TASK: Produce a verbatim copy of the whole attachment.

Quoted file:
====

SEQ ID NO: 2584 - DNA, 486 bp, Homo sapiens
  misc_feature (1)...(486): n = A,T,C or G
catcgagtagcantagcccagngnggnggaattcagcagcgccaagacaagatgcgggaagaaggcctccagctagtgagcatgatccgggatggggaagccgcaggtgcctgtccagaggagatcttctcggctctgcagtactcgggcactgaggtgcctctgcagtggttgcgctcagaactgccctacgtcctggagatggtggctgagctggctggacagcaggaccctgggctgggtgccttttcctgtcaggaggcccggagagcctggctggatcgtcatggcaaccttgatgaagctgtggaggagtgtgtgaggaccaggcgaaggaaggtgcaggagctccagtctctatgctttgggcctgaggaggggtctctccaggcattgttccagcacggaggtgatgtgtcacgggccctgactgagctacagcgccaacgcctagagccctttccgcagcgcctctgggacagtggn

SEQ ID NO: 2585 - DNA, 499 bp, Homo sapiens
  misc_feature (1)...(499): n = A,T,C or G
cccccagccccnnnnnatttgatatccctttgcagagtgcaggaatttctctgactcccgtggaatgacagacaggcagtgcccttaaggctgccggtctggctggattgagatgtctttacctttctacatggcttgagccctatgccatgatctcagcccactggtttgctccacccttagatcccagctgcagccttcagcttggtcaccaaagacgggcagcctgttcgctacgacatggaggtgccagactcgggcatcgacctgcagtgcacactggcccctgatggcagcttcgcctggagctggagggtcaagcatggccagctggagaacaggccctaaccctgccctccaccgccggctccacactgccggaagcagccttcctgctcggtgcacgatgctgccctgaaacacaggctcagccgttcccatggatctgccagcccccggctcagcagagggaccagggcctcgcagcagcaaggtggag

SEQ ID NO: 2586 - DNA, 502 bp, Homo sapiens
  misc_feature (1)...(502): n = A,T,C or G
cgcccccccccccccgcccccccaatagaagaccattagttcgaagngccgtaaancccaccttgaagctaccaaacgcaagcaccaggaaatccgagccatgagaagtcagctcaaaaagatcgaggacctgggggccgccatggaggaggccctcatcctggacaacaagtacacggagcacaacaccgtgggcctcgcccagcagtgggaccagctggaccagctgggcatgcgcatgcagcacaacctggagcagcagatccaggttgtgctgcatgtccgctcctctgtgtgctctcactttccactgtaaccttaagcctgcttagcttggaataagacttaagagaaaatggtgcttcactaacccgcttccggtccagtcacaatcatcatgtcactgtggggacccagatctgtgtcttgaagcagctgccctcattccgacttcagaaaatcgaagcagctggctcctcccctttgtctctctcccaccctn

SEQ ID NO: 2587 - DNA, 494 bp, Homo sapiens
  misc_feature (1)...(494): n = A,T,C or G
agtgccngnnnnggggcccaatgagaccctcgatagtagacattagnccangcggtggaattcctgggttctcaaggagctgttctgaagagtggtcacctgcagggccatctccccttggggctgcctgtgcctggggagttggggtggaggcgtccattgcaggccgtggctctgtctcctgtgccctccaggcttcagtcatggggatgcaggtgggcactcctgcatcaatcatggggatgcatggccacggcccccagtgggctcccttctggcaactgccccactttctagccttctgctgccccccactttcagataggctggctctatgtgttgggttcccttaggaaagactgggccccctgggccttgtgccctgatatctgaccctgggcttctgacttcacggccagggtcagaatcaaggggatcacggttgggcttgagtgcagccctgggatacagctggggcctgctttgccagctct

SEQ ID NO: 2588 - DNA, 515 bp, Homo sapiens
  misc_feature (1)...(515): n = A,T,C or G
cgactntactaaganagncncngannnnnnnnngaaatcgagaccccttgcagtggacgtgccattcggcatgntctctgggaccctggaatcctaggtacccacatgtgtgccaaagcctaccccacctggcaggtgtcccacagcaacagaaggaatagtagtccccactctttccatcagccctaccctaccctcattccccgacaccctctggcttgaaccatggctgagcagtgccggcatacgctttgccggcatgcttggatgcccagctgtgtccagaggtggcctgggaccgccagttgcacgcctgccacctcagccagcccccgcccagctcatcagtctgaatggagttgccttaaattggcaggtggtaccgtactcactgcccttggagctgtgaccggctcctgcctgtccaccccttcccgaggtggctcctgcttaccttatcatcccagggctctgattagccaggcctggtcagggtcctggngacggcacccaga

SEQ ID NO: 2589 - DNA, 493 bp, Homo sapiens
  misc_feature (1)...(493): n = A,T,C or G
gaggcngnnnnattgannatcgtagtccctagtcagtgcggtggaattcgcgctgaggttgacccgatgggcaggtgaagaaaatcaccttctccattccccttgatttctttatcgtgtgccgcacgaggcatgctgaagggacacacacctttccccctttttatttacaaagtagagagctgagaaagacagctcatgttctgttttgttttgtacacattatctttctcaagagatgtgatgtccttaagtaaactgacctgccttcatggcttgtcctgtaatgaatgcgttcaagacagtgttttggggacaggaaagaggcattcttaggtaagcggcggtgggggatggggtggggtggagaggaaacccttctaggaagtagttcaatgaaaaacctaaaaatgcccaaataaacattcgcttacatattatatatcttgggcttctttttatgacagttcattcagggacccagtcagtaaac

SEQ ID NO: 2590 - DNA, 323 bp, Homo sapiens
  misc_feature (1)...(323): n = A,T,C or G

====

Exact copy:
SEQ ID NO: 2584 - DNA, 486 bp, Homo sapiens
  misc_feature (1)...(486): n = A,T,C or G
catcgagtagcantagcccagngnggnggaattcagcagcgccaagacaagatgcgggaagaaggcctccagctagtgagcatgatccgggatggggaagccgcaggtgcctgtccagaggagatcttctcggctctgcagtactcgggcactgaggtgcctctgcagtggttgcgctcagaactgccctacgtcctggagatggtggctgagctggctggacagcaggaccctgggctgggtgccttttcctgtcaggaggcccggagagcctggctggatcgtcatggcaaccttgatgaagctgtggaggagtgtgtgaggaccaggcgaaggaaggtgcaggagctccagtctctatgctttgggcctgaggaggggtctctccaggcattgttccagcacggaggtgatgtgtcacgggccctgactgagctacagcgccaacgcctagagccctttccgcagcgcctctgggacagtggn

SEQ ID NO: 2585 - DNA, 499 bp, Homo sapiens
  misc_feature (1)...(499): n = A,T,C or G
cccccagccccnnnnnatttgatatccctttgcagagtgcaggaatttctctgactcccgtggaatgacagacaggcagtgcccttaaggctgccggtctggctggattgagatgtctttacctttctacatggcttgagccctatgccatgatctcagcccactggtttgctccacccttagatcccagctgcagccttcagcttggtcaccaaagacgggcagcctgttcgctacgacatggaggtgccagactcgggcatcgacctgcagtgcacactggcccctgatggcagcttcgcctggagctggagggtcaagcatggccagctggagaacaggccctaaccctgccctccaccgccggctccacactgccggaagcagccttcctgctcggtgcacgatgctgccctgaaacacaggctcagccgttcccatggatctgccagcccccggctcagcagagggaccagggcctcgcagcagcaaggtggag

SEQ ID NO: 2586 - DNA, 502 bp, Homo sapiens
  misc_feature (1)...(502): n = A,T,C or G
cgcccccccccccccgcccccccaatagaagaccattagttcgaagngccgtaaancccaccttgaagctaccaaacgcaagcaccaggaaatccgagccatgagaagtcagctcaaaaagatcgaggacctgggggccgccatggaggaggccctcatcctggacaacaagtacacggagcacaacaccgtgggcctcgcccagcagtgggaccagctggaccagctgggcatgcgcatgcagcacaacctggagcagcagatccaggttgtgctgcatgtccgctcctctgtgtgctctcactttccactgtaaccttaagcctgcttagcttggaataagacttaagagaaaatggtgcttcactaacccgcttccggtccagtcacaatcatcatgtcactgtggggacccagatctgtgtcttgaagcagctgccctcattccgacttcagaaaatcgaagcagctggctcctcccctttgtctctctcccaccctn

SEQ ID NO: 2587 - DNA, 494 bp, Homo sapiens
  misc_feature (1)...(494): n = A,T,C or G
agtgccngnnnnggggcccaatgagaccctcgatagtagacattagnccangcggtggaattcctgggttctcaaggagctgttctgaagagtggtcacctgcagggccatctccccttggggctgcctgtgcctggggagttggggtggaggcgtccattgcaggccgtggctctgtctcctgtgccctccaggcttcagtcatggggatgcaggtgggcactcctgcatcaatcatggggatgcatggccacggcccccagtgggctcccttctggcaactgccccactttctagccttctgctgccccccactttcagataggctggctctatgtgttgggttcccttaggaaagactgggccccctgggccttgtgccctgatatctgaccctgggcttctgacttcacggccagggtcagaatcaaggggatcacggttgggcttgagtgcagccctgggatacagctggggcctgctttgccagctct

SEQ ID NO: 2588 - DNA, 515 bp, Homo sapiens
  misc_feature (1)...(515): n = A,T,C or G
cgactntactaaganagncncngannnnnnnnngaaatcgagaccccttgcagtggacgtgccattcggcatgntctctgggaccctggaatcctaggtacccacatgtgtgccaaagcctaccccacctggcaggtgtcccacagcaacagaaggaatagtagtccccactctttccatcagccctaccctaccctcattccccgacaccctctggcttgaaccatggctgagcagtgccggcatacgctttgccggcatgcttggatgcccagctgtgtccagaggtggcctgggaccgccagttgcacgcctgccacctcagccagcccccgcccagctcatcagtctgaatggagttgccttaaattggcaggtggtaccgtactcactgcccttggagctgtgaccggctcctgcctgtccaccccttcccgaggtggctcctgcttaccttatcatcccagggctctgattagccaggcctggtcagggtcctggngacggcacccaga

SEQ ID NO: 2589 - DNA, 493 bp, Homo sapiens
  misc_feature (1)...(493): n = A,T,C or G
gaggcngnnnnattgannatcgtagtccctagtcagtgcggtggaattcgcgctgaggttgacccgatgggcaggtgaagaaaatcaccttctccattccccttgatttctttatcgtgtgccgcacgaggcatgctgaagggacacacacctttccccctttttatttacaaagtagagagctgagaaagacagctcatgttctgttttgttttgtacacattatctttctcaagagatgtgatgtccttaagtaaactgacctgccttcatggcttgtcctgtaatgaatgcgttcaagacagtgttttggggacaggaaagaggcattcttaggtaagcggcggtgggggatggggtggggtggagaggaaacccttctaggaagtagttcaatgaaaaacctaaaaatgcccaaataaacattcgcttacatattatatatcttgggcttctttttatgacagttcattcagggacccagtcagtaaac

SEQ ID NO: 2590 - DNA, 323 bp, Homo sapiens
  misc_feature (1)...(323): n = A,T,C or G